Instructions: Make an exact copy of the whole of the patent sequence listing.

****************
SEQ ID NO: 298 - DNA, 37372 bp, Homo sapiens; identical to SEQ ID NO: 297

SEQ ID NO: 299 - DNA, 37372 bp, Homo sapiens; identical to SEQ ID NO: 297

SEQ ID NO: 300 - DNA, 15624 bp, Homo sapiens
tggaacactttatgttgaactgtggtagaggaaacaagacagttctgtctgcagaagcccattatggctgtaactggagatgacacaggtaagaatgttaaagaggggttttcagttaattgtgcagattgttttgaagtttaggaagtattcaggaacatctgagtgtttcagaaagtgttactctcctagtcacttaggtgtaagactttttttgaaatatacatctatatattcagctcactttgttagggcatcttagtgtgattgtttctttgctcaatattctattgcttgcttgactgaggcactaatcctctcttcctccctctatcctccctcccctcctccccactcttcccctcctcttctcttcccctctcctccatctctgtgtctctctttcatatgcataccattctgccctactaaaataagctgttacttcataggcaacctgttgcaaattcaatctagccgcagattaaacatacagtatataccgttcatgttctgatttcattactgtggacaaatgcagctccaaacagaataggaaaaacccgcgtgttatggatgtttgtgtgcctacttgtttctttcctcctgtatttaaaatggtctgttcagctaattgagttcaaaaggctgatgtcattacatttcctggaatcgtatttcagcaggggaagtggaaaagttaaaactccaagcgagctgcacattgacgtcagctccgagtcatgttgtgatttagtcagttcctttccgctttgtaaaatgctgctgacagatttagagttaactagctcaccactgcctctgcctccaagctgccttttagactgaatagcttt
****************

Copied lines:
SEQ ID NO: 298 - DNA, 37372 bp, Homo sapiens; identical to SEQ ID NO: 297

SEQ ID NO: 299 - DNA, 37372 bp, Homo sapiens; identical to SEQ ID NO: 297

SEQ ID NO: 300 - DNA, 15624 bp, Homo sapiens
tggaacactttatgttgaactgtggtagaggaaacaagacagttctgtctgcagaagcccattatggctgtaactggagatgacacaggtaagaatgttaaagaggggttttcagttaattgtgcagattgttttgaagtttaggaagtattcaggaacatctgagtgtttcagaaagtgttactctcctagtcacttaggtgtaagactttttttgaaatatacatctatatattcagctcactttgttagggcatcttagtgtgattgtttctttgctcaatattctattgcttgcttgactgaggcactaatcctctcttcctccctctatcctccctcccctcctccccactcttcccctcctcttctcttcccctctcctccatctctgtgtctctctttcatatgcataccattctgccctactaaaataagctgttacttcataggcaacctgttgcaaattcaatctagccgcagattaaacatacagtatataccgttcatgttctgatttcattactgtggacaaatgcagctccaaacagaataggaaaaacccgcgtgttatggatgtttgtgtgcctacttgtttctttcctcctgtatttaaaatggtctgttcagctaattgagttcaaaaggctgatgtcattacatttcctggaatcgtatttcagcaggggaagtggaaaagttaaaactccaagcgagctgcacattgacgtcagctccgagtcatgttgtgatttagtcagttcctttccgctttgtaaaatgctgctgacagatttagagttaactagctcaccactgcctctgcctccaagctgccttttagactgaatagcttt